10 Mindfulness Tips for Teacher Anxiety

by | Jul 17, 2020 | News | 0 comments

By: Erin Swanson

Teacher Anxiety is On the Rise

With fall approaching and COVID cases rising, teachers face an impossible decision: return to the classroom and risk their own health and that of their students or return to complicated virtual learning that leans heavily on parents. No matter how you swing it, sacrifices will be made. It’s no wonder that teacher anxiety is on the rise.

A May 2020 USA Today poll showed that “1 in 5 U.S. teachers said they were unlikely to go back to school if their classrooms reopened in the fall.” Let’s not forget that nearly one-third of teachers are in a higher risk group at ages 50 or older. Do they take early retirement or risk their safety? Even more, a March 2020 survey from Yale and the Collaborative for Academic, Social, and Emotional Learning (CASEL) showed that teachers’ top emotions regarding teaching during COVID included fearful, worried, overwhelmed, and sad.

Teachers, you have always been tasked with a demanding job. Yet, this type of pressure is unprecedented. We have your back. Research shows that mindfulness is one of the most powerful ways to manage anxiety. Let’s explore how you can use this tool.

How Mindfulness Helps Anxiety

The JabuMind App for teachers uses the iRest approach to mindfulness. iRest blends traditional yogic practice with Western psychology and neuroscience. Research shows that iRest promotes better sleep, decreases stress, alleviates symptoms of PTSD, and enhances quality of life for school counselors. Read on for our top 10 tips for teacher anxiety.

10 Tips for Teacher Anxiety

mindfulness to ease anxiety

1) Keep a Routine

One thing we can control? How we structure our days. Can you count on sipping a delicious cup of coffee each morning? Can you count on snuggling up with a book each night? Take stock of what you can depend on each day. Our favorite daily habit? A meditation practice. The JabuMind App offers guided meditations, daily check ins, and professional development designed to address teachers’ stressors. All features in the app are currently free to support teachers during this difficult time.

2) Set Boundaries

It’s all too easy to carry the weight of the world on your shoulders. Teachers are used to stepping up and taking charge. On a daily basis, they carry a heavy load of responsibilities and meet the needs of everyone around them. Yet, the current state of our world and its impact on our lives is too heavy for one person to carry. Release all unnecessary worries, decisions, and responsibilities. Know that what you’re doing is enough. Know that sometimes, you don’t have to do anything at all.

3) Plan for What You Can to Ease Anxiety

woman taking notes to ease anxiety

My dad once told me, “Always make a plan. Include plans A, B, and C. But know this: usually, things won’t go just as you plan. Don’t hold too tightly to your expectations. Planning is just a tool to be prepared and calm your unease.”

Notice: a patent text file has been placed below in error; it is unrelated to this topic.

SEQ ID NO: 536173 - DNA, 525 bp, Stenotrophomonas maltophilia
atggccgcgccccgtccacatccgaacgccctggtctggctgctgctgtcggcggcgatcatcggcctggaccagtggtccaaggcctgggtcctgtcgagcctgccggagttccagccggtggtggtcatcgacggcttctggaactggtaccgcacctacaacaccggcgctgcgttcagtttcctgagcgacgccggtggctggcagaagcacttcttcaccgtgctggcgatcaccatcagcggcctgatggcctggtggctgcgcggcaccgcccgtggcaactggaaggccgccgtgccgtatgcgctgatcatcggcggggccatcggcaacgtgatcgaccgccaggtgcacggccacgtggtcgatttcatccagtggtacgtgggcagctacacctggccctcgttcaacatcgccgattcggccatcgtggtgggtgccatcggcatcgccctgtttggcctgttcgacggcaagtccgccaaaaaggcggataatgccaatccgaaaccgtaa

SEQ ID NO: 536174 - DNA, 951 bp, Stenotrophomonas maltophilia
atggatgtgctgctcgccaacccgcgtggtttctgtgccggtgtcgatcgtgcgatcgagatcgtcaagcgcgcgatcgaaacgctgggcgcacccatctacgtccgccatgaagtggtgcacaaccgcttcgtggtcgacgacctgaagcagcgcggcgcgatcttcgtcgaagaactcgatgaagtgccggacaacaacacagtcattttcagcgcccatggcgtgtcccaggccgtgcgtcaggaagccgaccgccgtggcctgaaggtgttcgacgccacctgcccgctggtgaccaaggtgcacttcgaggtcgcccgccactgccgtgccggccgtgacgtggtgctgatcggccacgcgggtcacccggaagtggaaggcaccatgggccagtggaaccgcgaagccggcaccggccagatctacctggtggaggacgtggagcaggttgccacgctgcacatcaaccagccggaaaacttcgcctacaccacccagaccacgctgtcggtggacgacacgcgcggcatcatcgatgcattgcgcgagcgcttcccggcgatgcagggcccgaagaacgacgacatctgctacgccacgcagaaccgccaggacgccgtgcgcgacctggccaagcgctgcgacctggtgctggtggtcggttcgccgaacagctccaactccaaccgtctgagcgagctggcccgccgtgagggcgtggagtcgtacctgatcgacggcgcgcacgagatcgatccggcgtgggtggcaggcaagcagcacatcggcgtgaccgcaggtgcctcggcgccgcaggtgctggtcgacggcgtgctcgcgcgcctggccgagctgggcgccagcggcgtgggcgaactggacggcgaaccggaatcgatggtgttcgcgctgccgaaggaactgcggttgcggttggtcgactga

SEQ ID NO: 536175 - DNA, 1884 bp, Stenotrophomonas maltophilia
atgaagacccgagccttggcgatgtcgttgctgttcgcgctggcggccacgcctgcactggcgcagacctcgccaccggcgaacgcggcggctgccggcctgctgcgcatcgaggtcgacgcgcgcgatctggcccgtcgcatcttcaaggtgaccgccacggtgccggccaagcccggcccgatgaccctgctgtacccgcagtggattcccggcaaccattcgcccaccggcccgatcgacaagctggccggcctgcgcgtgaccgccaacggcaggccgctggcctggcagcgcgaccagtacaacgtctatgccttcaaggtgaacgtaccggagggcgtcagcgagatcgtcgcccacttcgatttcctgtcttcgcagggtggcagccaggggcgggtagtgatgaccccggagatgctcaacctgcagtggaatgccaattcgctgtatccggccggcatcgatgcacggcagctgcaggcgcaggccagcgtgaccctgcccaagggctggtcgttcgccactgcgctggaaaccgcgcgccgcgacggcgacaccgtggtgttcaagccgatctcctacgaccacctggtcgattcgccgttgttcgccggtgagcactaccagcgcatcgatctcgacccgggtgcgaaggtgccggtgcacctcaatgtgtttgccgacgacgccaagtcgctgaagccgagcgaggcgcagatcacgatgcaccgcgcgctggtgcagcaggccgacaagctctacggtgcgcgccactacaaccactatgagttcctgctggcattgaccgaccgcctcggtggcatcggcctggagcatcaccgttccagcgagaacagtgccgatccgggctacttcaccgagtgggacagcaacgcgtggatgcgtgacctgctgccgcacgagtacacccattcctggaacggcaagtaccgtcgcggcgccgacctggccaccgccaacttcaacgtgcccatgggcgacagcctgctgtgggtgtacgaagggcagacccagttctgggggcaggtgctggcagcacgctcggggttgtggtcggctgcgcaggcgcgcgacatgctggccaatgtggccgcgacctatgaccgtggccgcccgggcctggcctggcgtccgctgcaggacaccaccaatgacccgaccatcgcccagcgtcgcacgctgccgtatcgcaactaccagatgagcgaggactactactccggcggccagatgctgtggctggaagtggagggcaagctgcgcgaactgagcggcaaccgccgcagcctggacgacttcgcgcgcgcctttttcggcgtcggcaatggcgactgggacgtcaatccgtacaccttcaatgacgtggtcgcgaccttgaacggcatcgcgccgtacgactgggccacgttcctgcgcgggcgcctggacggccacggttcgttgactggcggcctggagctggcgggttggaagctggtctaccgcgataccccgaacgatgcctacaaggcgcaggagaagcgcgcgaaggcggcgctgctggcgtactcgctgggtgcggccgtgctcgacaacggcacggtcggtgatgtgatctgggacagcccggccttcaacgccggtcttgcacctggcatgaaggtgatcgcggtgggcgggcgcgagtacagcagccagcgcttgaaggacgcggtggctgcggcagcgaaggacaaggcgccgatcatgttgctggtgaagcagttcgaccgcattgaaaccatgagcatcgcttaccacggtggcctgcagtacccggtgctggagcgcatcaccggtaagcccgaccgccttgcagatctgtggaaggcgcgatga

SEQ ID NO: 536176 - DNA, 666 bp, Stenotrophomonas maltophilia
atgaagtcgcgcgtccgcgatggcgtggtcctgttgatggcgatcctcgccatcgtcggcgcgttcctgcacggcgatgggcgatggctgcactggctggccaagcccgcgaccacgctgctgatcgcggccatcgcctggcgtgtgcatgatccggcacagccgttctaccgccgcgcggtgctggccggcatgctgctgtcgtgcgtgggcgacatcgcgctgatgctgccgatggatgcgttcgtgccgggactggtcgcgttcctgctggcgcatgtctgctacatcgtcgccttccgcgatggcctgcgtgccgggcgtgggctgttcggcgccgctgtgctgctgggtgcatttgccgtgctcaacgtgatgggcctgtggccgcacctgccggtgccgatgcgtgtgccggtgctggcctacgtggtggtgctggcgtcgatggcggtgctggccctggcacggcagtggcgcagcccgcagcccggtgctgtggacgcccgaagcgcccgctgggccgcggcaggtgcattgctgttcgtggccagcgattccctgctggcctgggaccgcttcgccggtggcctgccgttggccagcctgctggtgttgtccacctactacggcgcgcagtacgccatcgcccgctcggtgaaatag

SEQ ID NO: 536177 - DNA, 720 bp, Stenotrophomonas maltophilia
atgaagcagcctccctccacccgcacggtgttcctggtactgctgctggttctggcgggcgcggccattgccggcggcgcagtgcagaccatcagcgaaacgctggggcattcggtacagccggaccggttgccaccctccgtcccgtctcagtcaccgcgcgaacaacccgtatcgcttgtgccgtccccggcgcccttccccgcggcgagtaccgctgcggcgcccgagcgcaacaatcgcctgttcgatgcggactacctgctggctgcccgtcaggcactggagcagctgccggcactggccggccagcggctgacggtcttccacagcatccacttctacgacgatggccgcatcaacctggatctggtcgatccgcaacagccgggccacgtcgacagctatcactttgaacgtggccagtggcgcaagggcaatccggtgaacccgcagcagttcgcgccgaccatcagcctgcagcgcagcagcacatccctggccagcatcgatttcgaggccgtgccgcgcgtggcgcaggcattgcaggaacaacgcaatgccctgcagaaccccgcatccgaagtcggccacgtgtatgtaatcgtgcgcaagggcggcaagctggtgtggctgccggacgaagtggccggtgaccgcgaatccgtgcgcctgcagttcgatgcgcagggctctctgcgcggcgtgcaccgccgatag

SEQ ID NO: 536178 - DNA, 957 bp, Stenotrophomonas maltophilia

Writing plans down releases them from my mind. When my plans live on paper, the knots and tangles of my mind loosen. Ideas become clearer and more linear on the page.

Make lists of different scenarios your school might face when reopening and how you’ll handle them. Then, put the list aside.

Know that you can return to the list if needed, but it no longer lives inside of you. It’s not trapped in your mind, playing the same track on repeat over and over again. You’ve released it.

4) Stay in the Present to Calm Anxiety

Now that you’ve sorted future “plans” out on paper, you are free to live mindfully in the present moment. You can use the JabuMind App to check in with yourself. You’ll find daily prompts that ask you, “How are you feeling right now?” and “How did you sleep last night?” The app keeps a record of your responses so you can track your mood and sleep over time.

If, in the present moment, you notice your chest feels tight or your breathing is shallow, try one of JabuMind’s “Breathe Now” meditations. They anchor you in your breath and range in length from 1 – 3 minutes. You might also try JabuMind’s “Release Your Day” meditations for a quick reset.

5) Bring Awareness to Spiraling Thoughts

Mindfulness allows you to observe your thoughts rather than be dragged along with them. Imagine two scenarios: you are watching people on a rollercoaster from afar or you are on the rollercoaster yourself.

Mindfulness allows you to be the observer, the watcher. You stand with your feet firmly on the ground as you watch the ride from afar. You notice the twists and turns of the rollercoaster ride, but you’re not swept up by it. The longer you watch it, the more you notice the ride has slowed down, the screaming of its passengers (your thoughts) has quieted.

On the other hand, being mindless means you are on the ride yourself. You’re holding on for dear life as you feel the drop of your heart and lurch of your stomach.

Mindfulness creates a space between you and your thoughts. This space is a safe place within yourself that you can turn to in times of anxiety. Check out JabuMind’s “Stress & Anxiety” meditations to create this space for yourself.

6) Choose Positive Influences